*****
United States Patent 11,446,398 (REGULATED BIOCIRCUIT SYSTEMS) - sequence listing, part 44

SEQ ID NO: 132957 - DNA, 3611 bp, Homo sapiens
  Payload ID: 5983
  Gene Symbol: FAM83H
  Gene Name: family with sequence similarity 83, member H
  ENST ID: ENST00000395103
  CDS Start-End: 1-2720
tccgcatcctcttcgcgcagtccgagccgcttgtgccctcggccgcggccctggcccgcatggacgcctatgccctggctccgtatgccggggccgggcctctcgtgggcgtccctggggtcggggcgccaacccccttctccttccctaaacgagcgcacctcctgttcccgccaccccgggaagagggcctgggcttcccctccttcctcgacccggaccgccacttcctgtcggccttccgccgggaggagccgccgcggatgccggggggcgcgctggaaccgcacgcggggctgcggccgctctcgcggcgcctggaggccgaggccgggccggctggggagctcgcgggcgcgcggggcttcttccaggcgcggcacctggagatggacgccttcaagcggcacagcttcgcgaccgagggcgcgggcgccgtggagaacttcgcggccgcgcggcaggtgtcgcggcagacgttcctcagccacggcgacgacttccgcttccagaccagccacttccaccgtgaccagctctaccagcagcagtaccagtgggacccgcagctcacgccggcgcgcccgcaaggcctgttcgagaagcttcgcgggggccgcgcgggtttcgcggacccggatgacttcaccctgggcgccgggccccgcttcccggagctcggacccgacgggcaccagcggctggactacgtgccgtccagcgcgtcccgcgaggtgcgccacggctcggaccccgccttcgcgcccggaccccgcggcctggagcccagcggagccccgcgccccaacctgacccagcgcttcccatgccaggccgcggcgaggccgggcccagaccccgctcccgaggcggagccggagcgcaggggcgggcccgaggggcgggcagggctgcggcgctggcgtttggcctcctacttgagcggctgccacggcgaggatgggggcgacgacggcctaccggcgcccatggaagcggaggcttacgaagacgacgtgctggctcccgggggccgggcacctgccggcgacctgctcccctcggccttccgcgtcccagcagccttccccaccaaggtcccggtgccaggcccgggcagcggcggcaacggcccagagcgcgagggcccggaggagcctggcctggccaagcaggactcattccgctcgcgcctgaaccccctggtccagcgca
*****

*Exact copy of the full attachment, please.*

United States Patent 11,446,398 (REGULATED BIOCIRCUIT SYSTEMS) - sequence listing, part 44

SEQ ID NO: 132957 - DNA, 3611 bp, Homo sapiens
  Payload ID: 5983
  Gene Symbol: FAM83H
  Gene Name: family with sequence similarity 83, member H
  ENST ID: ENST00000395103
  CDS Start-End: 1-2720
tccgcatcctcttcgcgcagtccgagccgcttgtgccctcggccgcggccctggcccgcatggacgcctatgccctggctccgtatgccggggccgggcctctcgtgggcgtccctggggtcggggcgccaacccccttctccttccctaaacgagcgcacctcctgttcccgccaccccgggaagagggcctgggcttcccctccttcctcgacccggaccgccacttcctgtcggccttccgccgggaggagccgccgcggatgccggggggcgcgctggaaccgcacgcggggctgcggccgctctcgcggcgcctggaggccgaggccgggccggctggggagctcgcgggcgcgcggggcttcttccaggcgcggcacctggagatggacgccttcaagcggcacagcttcgcgaccgagggcgcgggcgccgtggagaacttcgcggccgcgcggcaggtgtcgcggcagacgttcctcagccacggcgacgacttccgcttccagaccagccacttccaccgtgaccagctctaccagcagcagtaccagtgggacccgcagctcacgccggcgcgcccgcaaggcctgttcgagaagcttcgcgggggccgcgcgggtttcgcggacccggatgacttcaccctgggcgccgggccccgcttcccggagctcggacccgacgggcaccagcggctggactacgtgccgtccagcgcgtcccgcgaggtgcgccacggctcggaccccgccttcgcgcccggaccccgcggcctggagcccagcggagccccgcgccccaacctgacccagcgcttcccatgccaggccgcggcgaggccgggcccagaccccgctcccgaggcggagccggagcgcaggggcgggcccgaggggcgggcagggctgcggcgctggcgtttggcctcctacttgagcggctgccacggcgaggatgggggcgacgacggcctaccggcgcccatggaagcggaggcttacgaagacgacgtgctggctcccgggggccgggcacctgccggcgacctgctcccctcggccttccgcgtcccagcagccttccccaccaaggtcccggtgccaggcccgggcagcggcggcaacggcccagagcgcgagggcccggaggagcctggcctggccaagcaggactcattccgctcgcgcctgaaccccctggtccagcgca